[…]

Concord Avenue and the Alewife Brook Parkway rotary won’t escape traffic woes. Cambridge’s 2005 Concord Alewife Plan included a “critical movement analysis” of the area. Critical movements are conflicting traffic movements. They are the times when vehicles block each other from moving, such as when a car turns left and crosses a lane of oncoming traffic. The Concord Alewife Plan reports that for the area roughly bounded by the Route 2/Route 16 intersection, the Alewife Brook Parkway, and Concord Avenue, service starts to deteriorate when a roadway reaches the “critical sum” of 1,500 vehicles per hour, or 1,800 vehicles per hour for rotaries. Below those numbers, and most motorists can get through an intersection in two or fewer light cycles. Above those thresholds, you’ll wait at that light a long time. As of 2005, the Concord/Route 2 rotary was already operating at 1,880 critical interactions—80 above the threshold—with a total traffic volume of 4,300 trips per day, while Concord Avenue at Blanchard Road had already reached 1,400 “critical sums” per hour, with 2,460 trips per day.

The report also predicted vehicle trips per day for 2024 for the area after Cambridge’s rezoning (which Cambridge enacted in June 2006.) The permitted 70 Fawcett Street development, which will be located between these two intersections, by itself promises to add enough vehicle trips to reach the predicted 2024 buildout trip level by 2014—and there’s plenty more space for apartments and garages alongside between the Concord Avenue rotary and Blanchard Road.

Also:

Of course, some of these buildings’ residents will take the T to work—if they can fit on the T…The Red Line is already “congested” and running at capacity, according to a June 2012 study by the Urban Land Institute titled Hub and Spoke: Core Transit Congestion and the Future of Transit and Development in Greater Boston.

So, Cambridge publishes a plan for the Alewife area which reports that traffic congestion is already a problem, but then it permits several large housing developments which will worsen it. The Belmont Citizens Forum article does report that design study has been funded for a new bridge over the commuter rail tracks west of Alewife Station, connecting it with Concord Avenue. That will relieve some congestion near the Alewife Brook Parkway/Concord Avenue rotary but will have little effect elsewhere. And this is still only a design study.

As a bicycling advocate and repeated critic of Cambridge’s treatment on Concord Avenue — see summary of my comments here — I have found another major inconsistency with the 2005 Concord-Alewife Plan: the recent reconstruction of Concord Avenue so as to maximize the number of conflicts between bicyclists and motorists. The new traffic signal just west of the Concord Avenue/Alewife Brook Parkway rotary backs up traffic into the rotary whenever a bicyclist or pedestrian actuates the signal to cross. The westbound sidewalk bikeway installed on the north side of Concord Avenue crosses a driveway or street on average once every 100 feet, requiring motorists to stop in the only westbound travel lane, blocking traffic, to yield to bicyclists overtaking on their right. Buses traveling both ways on Concord Avenue must stop in the travel lane, where their doors open directly into the bikeway. The conflicting turn movements between motorists and bicyclists, and bus passengers discharged onto the the bikeway, pose serious safety concerns too.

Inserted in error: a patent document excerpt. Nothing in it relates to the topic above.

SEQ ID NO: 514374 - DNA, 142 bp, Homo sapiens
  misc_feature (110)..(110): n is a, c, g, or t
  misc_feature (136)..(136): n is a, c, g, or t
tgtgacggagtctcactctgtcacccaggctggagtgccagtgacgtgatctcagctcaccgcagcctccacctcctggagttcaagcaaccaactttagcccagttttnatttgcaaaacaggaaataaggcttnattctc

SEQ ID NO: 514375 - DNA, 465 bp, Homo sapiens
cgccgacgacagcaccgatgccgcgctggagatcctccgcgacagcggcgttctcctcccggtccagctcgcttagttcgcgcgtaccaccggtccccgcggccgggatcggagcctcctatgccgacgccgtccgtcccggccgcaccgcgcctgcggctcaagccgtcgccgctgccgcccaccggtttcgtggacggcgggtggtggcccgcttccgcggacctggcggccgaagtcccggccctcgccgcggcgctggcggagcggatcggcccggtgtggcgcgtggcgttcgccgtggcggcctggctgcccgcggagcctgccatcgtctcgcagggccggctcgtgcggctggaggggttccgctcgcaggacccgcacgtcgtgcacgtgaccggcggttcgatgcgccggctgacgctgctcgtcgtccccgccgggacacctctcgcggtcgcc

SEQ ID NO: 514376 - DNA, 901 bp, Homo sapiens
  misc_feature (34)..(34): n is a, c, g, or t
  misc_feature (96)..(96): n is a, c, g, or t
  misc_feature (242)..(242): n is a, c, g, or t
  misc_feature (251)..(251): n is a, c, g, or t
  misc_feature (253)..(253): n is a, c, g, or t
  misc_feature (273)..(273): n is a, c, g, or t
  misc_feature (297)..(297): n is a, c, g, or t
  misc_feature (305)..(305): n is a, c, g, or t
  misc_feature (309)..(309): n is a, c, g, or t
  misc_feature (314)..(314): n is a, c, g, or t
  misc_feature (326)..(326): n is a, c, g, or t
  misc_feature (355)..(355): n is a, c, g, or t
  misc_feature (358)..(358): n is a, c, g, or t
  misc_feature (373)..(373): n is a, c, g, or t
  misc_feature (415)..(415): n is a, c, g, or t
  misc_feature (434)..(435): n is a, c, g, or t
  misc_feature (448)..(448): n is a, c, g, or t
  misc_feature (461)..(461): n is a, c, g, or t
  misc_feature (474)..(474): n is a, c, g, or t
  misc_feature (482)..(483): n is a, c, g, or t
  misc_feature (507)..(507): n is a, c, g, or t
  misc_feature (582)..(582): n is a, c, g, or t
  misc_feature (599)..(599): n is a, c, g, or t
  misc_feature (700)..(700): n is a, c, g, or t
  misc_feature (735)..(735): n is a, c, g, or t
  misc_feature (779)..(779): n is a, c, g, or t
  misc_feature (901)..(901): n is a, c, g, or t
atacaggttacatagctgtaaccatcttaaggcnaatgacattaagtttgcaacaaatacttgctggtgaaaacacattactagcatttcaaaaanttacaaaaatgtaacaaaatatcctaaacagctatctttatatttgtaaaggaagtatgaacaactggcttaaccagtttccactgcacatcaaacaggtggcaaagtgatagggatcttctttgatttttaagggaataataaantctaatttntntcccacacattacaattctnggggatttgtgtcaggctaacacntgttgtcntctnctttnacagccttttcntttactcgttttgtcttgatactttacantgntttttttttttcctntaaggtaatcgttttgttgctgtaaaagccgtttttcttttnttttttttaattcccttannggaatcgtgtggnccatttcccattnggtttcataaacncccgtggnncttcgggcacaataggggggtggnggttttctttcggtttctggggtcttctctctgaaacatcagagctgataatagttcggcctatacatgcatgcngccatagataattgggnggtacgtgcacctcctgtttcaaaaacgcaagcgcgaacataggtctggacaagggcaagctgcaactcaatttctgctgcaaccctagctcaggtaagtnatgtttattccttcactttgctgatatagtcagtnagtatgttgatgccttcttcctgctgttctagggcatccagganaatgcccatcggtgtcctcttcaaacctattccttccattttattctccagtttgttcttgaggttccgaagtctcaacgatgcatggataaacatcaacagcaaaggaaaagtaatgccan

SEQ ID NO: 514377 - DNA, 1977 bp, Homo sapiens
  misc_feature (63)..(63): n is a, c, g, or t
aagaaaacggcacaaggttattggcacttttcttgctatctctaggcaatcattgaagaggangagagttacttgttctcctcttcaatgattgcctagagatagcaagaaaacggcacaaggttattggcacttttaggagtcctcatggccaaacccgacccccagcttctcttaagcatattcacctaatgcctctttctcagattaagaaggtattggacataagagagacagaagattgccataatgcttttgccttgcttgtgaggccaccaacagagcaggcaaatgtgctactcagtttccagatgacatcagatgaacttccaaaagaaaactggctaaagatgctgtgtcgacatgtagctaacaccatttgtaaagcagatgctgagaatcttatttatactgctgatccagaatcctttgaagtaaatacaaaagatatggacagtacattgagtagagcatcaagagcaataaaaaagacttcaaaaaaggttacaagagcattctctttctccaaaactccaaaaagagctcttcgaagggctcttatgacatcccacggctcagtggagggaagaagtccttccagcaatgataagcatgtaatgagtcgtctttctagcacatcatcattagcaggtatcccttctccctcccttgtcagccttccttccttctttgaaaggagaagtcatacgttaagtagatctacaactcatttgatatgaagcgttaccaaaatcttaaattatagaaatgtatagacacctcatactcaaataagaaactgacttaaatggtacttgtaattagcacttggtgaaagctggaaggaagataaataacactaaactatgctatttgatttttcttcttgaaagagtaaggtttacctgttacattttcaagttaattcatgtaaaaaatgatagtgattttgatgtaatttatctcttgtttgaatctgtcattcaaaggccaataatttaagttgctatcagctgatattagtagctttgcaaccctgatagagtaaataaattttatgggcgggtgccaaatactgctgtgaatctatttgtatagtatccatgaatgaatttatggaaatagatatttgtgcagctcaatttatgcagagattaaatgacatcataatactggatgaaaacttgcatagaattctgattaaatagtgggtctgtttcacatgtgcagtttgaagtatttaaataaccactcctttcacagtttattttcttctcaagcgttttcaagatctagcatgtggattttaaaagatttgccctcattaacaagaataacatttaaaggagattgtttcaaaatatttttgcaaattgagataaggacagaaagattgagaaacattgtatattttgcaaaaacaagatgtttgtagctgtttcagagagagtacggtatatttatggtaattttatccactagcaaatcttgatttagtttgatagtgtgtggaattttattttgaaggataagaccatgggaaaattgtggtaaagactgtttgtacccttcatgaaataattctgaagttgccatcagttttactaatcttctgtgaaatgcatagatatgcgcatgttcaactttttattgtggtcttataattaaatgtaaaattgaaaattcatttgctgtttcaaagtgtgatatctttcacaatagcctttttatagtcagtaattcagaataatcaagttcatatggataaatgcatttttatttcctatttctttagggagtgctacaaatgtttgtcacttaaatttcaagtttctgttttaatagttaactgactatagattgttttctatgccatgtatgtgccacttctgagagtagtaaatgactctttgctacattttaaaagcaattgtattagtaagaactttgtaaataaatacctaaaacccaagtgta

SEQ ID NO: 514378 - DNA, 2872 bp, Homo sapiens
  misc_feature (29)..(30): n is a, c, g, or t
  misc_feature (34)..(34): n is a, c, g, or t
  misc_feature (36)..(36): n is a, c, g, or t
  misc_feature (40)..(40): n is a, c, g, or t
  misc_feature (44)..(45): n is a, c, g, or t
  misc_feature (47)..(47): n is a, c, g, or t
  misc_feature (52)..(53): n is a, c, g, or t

In previous posts on this blog and elsewhere, I recommended a two-way bikeway on the south side of Concord Avenue next to Fresh Pond Park, where there is only one signalized intersection, and maintenance of the previous roadway width and bike lanes.

The 2005 Concord-Alewife Plan contains no mention of the Concord Avenue bikeway — see recommendations for Concord Avenue on page 80 of the report. The plan therefore does not account for the congestion caused by the bikeway, on which construction began only 4 years later.

The overall impression I get is that Cambridge’s planning is disorganized, but also, Cambridge’s bicycle planning occurs in a fantasyland where the well-known conflict situations which cause crashes are greeted with a claim that the goal is to make bicycling more attractive, then, poof, when there are more bicyclists, by magic, bicycling will become safer. I call this the “Pied Piper” approach to bicycle planning. Well, actually, Cambridge is reporting a steady level of bicycle crashes in spite of an increasing volume of bicycle traffic. Some decrease in risk with increasing volume occurs with any mode of transportation as its users gain longer experience. The issue I have is with using this as an excuse for wishful thinking and crap design, and writing off the victims of preventable crashes as expendable. Cambridge has had some gruesome preventable crashes, and has intersections with the highest volumes of bicycle crashes anywhere in Massachusetts.

Another overall impression which I can’t shake is that Cambridge is very selective about reducing traffic congestion. The Concord Avenue project; the residential developments planned for the Alewife area; the Western Avenue roadway narrowing and sidewalk bikeway; and the proposed bikeways along Binney Street increase congestion at the portals to the city. It all strikes me as rather desperate and underhanded way to decrease congestion in the core of the city, but there you have it, as it appears to me.

[Added paragraphs, October 7, 7:40 AM] Residential development close to the urban core is certainly preferable to sprawling suburbs to minimize environmental impacts and traffic congestion, but resolving the traffic problems in the Alewife area would require major investments to increase Red Line and bus service, and disincentives (read: high cost) for single-occupant motor vehicle travel. The public resists all of these. If there is a logic to the City’s approach to these challenges, it is to break down resistance by making the problems so pressing that the pain becomes intolerable.